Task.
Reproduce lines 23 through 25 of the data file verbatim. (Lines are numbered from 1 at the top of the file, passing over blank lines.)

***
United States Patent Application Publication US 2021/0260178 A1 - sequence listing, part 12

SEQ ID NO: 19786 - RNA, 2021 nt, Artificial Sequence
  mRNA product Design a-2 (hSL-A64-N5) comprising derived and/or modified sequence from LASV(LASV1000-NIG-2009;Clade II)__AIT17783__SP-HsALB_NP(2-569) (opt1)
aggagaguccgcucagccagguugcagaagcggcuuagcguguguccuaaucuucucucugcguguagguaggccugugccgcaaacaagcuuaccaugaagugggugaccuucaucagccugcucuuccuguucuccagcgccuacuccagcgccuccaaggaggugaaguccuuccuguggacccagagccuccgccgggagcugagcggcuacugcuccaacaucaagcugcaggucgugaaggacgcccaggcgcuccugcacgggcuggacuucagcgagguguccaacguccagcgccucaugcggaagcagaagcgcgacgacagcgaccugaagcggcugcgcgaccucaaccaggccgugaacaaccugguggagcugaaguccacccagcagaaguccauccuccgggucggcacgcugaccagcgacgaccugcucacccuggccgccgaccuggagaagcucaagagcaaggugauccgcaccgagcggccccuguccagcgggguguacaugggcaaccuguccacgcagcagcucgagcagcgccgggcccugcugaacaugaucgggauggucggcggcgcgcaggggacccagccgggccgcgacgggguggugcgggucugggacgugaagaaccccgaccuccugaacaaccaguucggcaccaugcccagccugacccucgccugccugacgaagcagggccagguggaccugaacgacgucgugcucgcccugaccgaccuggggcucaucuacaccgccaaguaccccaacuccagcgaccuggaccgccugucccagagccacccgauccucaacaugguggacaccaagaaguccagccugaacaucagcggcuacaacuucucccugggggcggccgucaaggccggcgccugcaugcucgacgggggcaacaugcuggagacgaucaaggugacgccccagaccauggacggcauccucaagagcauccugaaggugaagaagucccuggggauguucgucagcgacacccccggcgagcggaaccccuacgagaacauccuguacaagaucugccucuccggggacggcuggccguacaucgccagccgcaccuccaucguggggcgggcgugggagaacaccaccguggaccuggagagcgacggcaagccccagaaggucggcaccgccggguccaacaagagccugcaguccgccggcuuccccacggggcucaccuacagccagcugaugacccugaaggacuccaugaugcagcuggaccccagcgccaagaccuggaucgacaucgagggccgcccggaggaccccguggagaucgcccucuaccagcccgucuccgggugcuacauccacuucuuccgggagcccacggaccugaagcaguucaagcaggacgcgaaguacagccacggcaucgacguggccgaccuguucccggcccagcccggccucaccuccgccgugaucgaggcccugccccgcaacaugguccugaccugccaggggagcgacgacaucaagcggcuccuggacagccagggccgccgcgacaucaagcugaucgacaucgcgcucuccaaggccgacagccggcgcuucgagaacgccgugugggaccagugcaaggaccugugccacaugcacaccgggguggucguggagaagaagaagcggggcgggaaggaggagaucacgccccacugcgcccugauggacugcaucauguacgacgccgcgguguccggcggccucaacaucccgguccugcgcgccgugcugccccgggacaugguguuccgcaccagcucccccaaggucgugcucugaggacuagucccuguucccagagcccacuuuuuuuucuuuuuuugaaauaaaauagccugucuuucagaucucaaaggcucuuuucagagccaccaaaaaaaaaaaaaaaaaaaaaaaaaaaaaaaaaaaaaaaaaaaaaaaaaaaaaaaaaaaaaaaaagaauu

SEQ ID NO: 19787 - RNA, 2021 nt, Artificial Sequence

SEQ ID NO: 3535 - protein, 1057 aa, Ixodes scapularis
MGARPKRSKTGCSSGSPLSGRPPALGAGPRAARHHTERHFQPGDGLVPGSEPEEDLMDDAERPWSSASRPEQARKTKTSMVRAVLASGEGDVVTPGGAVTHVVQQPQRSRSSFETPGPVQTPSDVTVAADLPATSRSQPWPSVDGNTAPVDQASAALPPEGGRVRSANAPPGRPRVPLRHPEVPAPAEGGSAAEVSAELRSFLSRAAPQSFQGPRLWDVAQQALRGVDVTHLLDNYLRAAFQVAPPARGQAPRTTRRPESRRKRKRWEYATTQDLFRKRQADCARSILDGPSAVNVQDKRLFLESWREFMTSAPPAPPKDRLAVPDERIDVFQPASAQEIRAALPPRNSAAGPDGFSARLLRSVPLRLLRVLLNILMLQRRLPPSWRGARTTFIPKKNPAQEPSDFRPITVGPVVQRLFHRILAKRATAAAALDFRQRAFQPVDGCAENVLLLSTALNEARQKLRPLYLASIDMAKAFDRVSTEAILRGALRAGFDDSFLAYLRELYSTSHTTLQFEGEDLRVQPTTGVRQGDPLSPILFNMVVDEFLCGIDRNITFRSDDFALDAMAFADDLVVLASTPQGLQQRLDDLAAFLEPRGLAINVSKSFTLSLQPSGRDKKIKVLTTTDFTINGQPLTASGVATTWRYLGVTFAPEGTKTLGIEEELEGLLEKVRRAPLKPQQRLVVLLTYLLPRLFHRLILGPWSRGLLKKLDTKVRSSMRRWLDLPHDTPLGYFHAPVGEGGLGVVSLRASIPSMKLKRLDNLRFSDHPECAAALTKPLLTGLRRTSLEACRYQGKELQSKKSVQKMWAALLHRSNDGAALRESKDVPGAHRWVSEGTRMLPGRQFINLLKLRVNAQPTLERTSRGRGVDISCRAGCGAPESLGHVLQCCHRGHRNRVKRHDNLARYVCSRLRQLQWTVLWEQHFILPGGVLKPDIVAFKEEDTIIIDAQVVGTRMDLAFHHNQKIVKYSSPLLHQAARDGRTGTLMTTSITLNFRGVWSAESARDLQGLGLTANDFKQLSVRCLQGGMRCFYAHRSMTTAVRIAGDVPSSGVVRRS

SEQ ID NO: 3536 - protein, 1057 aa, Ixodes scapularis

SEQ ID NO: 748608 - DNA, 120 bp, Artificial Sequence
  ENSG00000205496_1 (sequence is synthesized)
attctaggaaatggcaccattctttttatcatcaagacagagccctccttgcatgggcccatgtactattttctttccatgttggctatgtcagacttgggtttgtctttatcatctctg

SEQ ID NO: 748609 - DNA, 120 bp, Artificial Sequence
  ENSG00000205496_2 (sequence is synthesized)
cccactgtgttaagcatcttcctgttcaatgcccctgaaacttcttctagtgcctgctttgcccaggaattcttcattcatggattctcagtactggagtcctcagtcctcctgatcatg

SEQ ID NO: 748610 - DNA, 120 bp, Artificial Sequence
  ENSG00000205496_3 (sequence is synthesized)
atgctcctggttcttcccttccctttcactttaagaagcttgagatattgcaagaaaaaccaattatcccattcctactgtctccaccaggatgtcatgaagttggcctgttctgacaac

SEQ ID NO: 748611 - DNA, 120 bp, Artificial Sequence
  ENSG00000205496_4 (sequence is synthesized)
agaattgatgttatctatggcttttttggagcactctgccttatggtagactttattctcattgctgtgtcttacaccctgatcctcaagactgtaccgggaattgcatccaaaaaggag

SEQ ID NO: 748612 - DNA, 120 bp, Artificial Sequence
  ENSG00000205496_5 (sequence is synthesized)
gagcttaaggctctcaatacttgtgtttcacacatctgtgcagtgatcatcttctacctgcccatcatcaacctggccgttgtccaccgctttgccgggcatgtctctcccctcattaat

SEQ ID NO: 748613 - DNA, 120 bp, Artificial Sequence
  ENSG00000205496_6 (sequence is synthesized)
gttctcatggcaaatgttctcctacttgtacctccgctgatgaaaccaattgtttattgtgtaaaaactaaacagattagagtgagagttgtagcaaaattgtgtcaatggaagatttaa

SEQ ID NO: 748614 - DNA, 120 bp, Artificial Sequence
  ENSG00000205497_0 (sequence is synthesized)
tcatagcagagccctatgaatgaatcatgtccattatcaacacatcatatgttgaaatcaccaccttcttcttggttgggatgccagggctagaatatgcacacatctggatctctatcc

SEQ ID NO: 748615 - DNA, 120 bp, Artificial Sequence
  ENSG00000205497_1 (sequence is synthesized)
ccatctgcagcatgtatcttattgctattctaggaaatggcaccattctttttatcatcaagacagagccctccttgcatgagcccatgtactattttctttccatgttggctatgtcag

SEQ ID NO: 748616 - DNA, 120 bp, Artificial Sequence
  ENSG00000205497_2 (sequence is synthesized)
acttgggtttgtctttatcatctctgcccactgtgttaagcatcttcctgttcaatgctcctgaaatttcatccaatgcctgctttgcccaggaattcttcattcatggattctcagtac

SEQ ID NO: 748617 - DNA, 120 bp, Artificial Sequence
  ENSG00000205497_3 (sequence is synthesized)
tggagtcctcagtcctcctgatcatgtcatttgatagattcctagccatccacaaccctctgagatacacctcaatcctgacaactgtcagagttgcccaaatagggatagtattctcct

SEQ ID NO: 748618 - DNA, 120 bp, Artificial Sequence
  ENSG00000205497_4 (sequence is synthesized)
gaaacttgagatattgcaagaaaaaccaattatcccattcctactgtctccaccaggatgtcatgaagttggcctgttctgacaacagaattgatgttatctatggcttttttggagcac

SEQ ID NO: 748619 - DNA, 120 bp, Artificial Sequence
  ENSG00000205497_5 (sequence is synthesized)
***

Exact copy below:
gagcttaaggctctcaatacttgtgtttcacacatctgtgcagtgatcatcttctacctgcccatcatcaacctggccgttgtccaccgctttgccgggcatgtctctcccctcattaat

SEQ ID NO: 748613 - DNA, 120 bp, Artificial Sequence
  ENSG00000205496_6 (sequence is synthesized)